A stressful working environment, changing requirements, and cooperation with people who often have different points of view call for some kind of flexibility and mental resilience.
People who are prone to stress, too timid, or afraid to speak out may find working in an agile environment hard. But what would collaboration look like if all team members were bold, extroverted, and always putting their feet down? It sounds like a recipe for constant chaos and fierce competition. So how can you choose team members effectively when it comes to character?
Fortunately, there are some helpful tools for this. One of the most popular is the easy-to-perform Belbin personality test that distinguishes nine roles in the team in terms of behavior:
Each role has its own strengths and weaknesses, and the team should consist of different, complementary roles. The ideal team should consist of all nine roles. However, we need to bear in mind that one person can fulfill more than one role, and they can also evolve with the seniority and experience of a given team member.
Another tool worth mentioning is the DISC model (Dominant, Inspiring, Supportive, Cautious), which distinguishes four personalities:
People with a given personality type have similar behaviors, working and communication styles. It may also be easier or more difficult for them to collaborate with people characterized by other attitudes. However, similarly to the Belbin roles, only the combination of the above-mentioned personalities in the team can guarantee success here as well.
Apart from choosing team members carefully, the level of teamwork is also important. The Scrum Master plays an important role here, and he can positively influence the team by:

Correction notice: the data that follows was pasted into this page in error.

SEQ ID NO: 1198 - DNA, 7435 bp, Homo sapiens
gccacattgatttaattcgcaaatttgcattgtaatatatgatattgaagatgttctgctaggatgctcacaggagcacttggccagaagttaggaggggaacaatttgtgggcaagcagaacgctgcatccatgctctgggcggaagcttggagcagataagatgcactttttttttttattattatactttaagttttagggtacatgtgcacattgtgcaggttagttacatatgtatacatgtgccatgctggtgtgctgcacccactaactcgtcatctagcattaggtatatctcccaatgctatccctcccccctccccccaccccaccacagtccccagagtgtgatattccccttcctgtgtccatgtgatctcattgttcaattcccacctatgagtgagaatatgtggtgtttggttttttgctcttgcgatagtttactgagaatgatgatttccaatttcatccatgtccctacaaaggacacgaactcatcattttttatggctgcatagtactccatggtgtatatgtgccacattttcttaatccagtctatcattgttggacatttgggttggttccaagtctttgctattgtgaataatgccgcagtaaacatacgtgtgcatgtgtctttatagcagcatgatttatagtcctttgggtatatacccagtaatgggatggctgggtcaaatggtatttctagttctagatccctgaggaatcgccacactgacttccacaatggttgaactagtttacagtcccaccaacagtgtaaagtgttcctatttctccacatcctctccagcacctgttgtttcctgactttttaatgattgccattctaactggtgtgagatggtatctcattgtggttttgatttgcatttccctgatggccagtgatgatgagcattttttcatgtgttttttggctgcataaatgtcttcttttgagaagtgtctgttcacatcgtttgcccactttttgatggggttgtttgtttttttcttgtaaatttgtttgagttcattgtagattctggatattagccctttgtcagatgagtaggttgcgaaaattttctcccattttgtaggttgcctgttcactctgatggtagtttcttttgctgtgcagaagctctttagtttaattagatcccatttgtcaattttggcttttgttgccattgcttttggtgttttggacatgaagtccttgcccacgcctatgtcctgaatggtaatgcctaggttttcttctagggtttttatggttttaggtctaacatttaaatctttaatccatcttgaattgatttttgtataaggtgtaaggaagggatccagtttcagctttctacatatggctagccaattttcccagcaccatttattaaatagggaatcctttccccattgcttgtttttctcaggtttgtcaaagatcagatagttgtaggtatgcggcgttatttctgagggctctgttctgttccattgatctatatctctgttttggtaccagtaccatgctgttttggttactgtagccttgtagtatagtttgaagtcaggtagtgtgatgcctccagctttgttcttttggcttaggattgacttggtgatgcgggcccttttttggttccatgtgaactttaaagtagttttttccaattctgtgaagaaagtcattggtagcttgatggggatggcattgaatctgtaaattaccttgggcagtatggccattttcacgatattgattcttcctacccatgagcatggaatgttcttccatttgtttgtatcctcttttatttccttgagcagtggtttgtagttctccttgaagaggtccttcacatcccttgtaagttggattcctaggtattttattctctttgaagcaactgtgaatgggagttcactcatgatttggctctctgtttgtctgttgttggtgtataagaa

This way, the cooperation between individual team members improves and the risk of conflicts is minimized. However, even in the most harmonious and carefully selected teams, conflicts cannot be completely avoided.
It is worth remembering that, at the end of the day, the team members have a common goal – to provide software of the highest possible quality and functionality as quickly as possible and at the lowest possible cost. Despite the differences in the context of personalities, origins, roles or seniority, only thanks to cooperation does the project have a chance to succeed. It is good to bear in mind that unresolved, ignored conflicts build up over time, and the best way to cooperate effectively is to quickly settle discussions to prevent conflicts from growing and escalating.
How to build a good team? It turns out that the key to success increasingly often lies in knowledge of personality types, the development of soft skills and the selection of team members so that they complement each other. Each team member has a different, valuable contribution to make. Agile methodologies such as Scrum foster the development of teams based on communication and trust, and the Scrum Master plays an important role in this process. At the end of the day, it is worth remembering that Scrum is not a recipe for avoiding conflicts in a team, but a path to continuous improvement.